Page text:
I was sorry to hear that, after 6-and-a-half years,  Big RED & Shiny has decided to close up shop. It’s 135th issue will be its last. It’s not ending operations due to money but because its just arrived at that time.

BR&S’s self-defined scope was the New England Arts scene, but in reality its reach and applied knowledge was national.

In my past writing I have leant on some of the great photography articles at BR&S – Larry Sultan, William Christenberry, Harold Feinstein and Stephen Tourlentes.

BR&S has had over 170 contributors down the years and the sites development stands out as a true community; the writing has been considered and committed – Matthew Gamber was editor-in-chief for 126 issues; writers turned editors, Micah Malone and Christian Holland, started with the first issue; James Nadeau first wrote an article in issue #19 and remained as editor.

Matthew Nash, publisher of BR&S said this:

If Big RED & Shiny were a human, our six-and-a-half years would put them in the first grade. Yet, online we are old. Very old. We have been online a full third of the life of the Internet. There was no Facebook when we started. No Blogger. No MySpace. The iPhone was over 3 years in the future.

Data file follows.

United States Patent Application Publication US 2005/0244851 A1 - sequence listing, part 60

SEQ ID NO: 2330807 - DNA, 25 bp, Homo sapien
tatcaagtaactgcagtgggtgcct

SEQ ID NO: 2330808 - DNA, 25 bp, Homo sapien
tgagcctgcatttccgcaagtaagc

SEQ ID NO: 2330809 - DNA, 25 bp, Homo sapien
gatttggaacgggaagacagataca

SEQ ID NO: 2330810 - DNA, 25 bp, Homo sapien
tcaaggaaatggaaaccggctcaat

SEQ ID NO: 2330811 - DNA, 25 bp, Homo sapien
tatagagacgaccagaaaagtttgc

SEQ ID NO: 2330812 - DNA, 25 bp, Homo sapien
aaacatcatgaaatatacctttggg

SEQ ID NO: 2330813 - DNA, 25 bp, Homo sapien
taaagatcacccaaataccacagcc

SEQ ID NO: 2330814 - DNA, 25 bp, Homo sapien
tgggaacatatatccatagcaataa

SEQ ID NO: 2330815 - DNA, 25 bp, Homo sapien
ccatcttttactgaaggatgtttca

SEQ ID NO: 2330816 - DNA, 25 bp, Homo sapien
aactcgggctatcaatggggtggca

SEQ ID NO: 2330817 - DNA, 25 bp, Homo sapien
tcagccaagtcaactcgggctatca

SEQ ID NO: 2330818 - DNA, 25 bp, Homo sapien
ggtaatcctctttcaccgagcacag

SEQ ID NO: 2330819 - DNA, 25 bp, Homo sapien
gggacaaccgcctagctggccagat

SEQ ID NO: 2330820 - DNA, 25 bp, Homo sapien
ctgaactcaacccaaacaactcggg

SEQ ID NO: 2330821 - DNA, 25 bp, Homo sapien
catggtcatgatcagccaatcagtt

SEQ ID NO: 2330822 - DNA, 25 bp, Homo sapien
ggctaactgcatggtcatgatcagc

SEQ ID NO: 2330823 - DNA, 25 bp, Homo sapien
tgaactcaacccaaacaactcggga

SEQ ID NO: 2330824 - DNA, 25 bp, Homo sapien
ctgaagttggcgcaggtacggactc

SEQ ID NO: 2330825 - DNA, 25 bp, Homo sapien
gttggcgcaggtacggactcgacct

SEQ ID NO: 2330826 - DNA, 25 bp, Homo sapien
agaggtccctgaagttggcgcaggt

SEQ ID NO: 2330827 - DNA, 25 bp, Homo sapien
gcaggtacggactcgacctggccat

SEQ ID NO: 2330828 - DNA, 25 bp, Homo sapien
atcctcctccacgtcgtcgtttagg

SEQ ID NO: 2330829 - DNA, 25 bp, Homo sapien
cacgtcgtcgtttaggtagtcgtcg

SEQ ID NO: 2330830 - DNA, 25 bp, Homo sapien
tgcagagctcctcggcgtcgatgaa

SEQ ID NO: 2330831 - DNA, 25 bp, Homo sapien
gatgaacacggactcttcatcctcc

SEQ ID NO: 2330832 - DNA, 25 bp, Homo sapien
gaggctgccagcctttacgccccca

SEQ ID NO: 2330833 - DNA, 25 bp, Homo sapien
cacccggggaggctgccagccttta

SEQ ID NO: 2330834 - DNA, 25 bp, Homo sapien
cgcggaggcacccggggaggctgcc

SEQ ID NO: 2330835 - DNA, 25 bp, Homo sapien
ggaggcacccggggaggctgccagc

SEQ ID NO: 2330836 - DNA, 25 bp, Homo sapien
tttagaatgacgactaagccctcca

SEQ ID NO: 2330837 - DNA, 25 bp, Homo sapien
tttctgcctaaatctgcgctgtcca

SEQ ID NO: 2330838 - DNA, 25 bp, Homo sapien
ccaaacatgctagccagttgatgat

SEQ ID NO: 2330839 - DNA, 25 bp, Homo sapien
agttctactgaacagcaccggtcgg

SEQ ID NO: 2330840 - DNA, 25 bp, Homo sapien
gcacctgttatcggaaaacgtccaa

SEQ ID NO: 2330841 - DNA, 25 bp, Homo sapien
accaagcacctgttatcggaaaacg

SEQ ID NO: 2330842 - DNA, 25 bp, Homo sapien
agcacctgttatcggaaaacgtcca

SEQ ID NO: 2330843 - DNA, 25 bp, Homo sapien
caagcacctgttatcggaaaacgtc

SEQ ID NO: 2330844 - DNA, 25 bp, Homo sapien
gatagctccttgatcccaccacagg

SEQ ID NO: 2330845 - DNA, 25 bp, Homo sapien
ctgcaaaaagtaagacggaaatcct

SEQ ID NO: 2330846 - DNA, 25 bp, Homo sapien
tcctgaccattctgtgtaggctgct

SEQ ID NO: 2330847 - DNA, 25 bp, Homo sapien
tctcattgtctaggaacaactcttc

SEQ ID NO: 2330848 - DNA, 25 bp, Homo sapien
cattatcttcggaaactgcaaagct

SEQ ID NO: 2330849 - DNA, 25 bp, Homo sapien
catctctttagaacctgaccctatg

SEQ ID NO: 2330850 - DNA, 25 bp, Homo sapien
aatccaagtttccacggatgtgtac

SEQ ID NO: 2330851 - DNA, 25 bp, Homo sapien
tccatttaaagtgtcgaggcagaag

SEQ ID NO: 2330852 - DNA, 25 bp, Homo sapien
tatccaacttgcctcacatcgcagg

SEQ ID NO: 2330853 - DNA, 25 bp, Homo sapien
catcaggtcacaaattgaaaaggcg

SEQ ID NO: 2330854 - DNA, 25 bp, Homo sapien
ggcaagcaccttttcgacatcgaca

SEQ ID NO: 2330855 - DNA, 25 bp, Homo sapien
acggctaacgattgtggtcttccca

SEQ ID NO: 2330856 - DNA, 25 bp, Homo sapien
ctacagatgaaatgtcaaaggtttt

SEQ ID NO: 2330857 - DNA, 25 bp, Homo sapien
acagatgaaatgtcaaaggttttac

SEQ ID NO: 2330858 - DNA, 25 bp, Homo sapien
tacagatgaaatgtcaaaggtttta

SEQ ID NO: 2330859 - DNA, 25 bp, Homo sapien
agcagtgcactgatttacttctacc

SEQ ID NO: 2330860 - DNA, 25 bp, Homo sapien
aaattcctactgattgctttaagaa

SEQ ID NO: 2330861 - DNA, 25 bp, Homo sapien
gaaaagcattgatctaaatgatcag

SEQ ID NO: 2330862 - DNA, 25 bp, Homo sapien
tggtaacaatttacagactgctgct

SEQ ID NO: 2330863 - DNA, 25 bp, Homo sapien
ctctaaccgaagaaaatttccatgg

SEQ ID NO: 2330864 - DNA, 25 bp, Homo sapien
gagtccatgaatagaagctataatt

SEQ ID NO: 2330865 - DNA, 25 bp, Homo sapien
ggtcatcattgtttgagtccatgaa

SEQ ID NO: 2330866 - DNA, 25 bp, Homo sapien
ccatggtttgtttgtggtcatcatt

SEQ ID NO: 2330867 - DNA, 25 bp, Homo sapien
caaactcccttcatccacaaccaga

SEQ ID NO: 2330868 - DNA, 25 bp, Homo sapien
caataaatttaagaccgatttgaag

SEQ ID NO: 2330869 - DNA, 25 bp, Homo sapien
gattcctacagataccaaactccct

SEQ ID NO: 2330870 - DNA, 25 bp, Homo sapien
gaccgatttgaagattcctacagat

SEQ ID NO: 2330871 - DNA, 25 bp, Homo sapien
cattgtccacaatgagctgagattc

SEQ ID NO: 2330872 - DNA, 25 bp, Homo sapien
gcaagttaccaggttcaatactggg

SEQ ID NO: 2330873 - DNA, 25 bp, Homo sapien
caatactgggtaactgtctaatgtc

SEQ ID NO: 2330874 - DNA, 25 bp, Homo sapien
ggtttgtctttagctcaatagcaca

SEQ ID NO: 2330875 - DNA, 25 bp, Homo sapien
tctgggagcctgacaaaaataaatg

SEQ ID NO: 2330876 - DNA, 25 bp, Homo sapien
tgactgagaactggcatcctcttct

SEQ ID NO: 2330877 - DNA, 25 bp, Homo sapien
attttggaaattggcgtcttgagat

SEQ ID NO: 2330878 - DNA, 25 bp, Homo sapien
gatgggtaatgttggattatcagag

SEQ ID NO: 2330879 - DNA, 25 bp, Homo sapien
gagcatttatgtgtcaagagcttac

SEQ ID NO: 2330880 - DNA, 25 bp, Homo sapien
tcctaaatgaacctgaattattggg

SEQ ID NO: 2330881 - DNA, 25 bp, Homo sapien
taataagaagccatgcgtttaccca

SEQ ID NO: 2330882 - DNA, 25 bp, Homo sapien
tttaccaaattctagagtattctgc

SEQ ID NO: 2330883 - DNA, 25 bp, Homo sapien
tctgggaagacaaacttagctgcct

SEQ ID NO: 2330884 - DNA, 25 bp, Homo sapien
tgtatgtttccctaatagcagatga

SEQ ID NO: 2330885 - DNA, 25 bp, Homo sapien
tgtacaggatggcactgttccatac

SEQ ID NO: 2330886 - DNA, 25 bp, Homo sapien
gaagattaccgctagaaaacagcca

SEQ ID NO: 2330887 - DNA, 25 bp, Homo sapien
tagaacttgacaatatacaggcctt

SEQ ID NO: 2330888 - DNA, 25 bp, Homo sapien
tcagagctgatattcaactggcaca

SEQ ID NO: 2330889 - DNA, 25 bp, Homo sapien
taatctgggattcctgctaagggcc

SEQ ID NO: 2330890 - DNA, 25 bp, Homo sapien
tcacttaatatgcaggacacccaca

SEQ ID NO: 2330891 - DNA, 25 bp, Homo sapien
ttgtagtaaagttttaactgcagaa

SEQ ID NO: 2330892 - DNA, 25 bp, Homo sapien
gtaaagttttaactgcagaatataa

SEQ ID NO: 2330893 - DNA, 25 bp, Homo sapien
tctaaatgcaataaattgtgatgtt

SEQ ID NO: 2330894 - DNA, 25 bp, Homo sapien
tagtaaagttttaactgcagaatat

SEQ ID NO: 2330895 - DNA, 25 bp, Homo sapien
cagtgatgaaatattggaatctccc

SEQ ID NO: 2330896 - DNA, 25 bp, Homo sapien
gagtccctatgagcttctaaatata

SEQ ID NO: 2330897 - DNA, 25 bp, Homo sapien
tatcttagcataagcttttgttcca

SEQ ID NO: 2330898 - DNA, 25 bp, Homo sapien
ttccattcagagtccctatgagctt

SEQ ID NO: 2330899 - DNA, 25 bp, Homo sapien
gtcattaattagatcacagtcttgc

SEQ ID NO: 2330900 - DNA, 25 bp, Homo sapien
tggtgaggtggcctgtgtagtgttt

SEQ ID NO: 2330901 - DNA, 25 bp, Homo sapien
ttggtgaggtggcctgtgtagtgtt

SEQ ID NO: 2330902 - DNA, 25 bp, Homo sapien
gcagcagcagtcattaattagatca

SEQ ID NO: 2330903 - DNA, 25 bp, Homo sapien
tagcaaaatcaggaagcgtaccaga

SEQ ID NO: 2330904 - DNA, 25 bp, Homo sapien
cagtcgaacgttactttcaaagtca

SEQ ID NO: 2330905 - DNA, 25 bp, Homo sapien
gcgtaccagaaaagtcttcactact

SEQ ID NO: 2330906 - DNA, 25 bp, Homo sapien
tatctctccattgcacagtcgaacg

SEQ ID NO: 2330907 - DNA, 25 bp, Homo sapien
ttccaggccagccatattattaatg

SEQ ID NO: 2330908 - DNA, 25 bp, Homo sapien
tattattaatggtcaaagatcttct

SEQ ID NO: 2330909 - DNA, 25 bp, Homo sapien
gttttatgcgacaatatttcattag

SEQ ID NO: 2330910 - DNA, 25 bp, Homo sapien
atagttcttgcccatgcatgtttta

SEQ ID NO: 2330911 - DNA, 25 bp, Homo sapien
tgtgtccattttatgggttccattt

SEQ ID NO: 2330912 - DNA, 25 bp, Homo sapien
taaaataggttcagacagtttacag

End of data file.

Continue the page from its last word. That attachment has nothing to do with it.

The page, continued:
If Nash is suggesting that BR&S has less of a place in the rapidly changing internet (which I’d currently characterise as an idea-economy, link-economy, micro-blogging, shuffling-content internet) then he is surely wrong. He observes that perhaps people have less need for editorial framing and more an appetite for primary content. Nash could be right, but I don’t know if that means editorial writing is pushed out. I hope that there’s room for both – I mean, a tweet (which is essential a quick-fire bulletin board) does not compete with a full length article (which is substantive content, ideas).

Whatever. The debate on the web is a distraction really from an announcement that means our arts coverage online just got a little thinner. Thankfully, the archive lives!

BR&S – Sad to see you go. Good luck with future endeavours!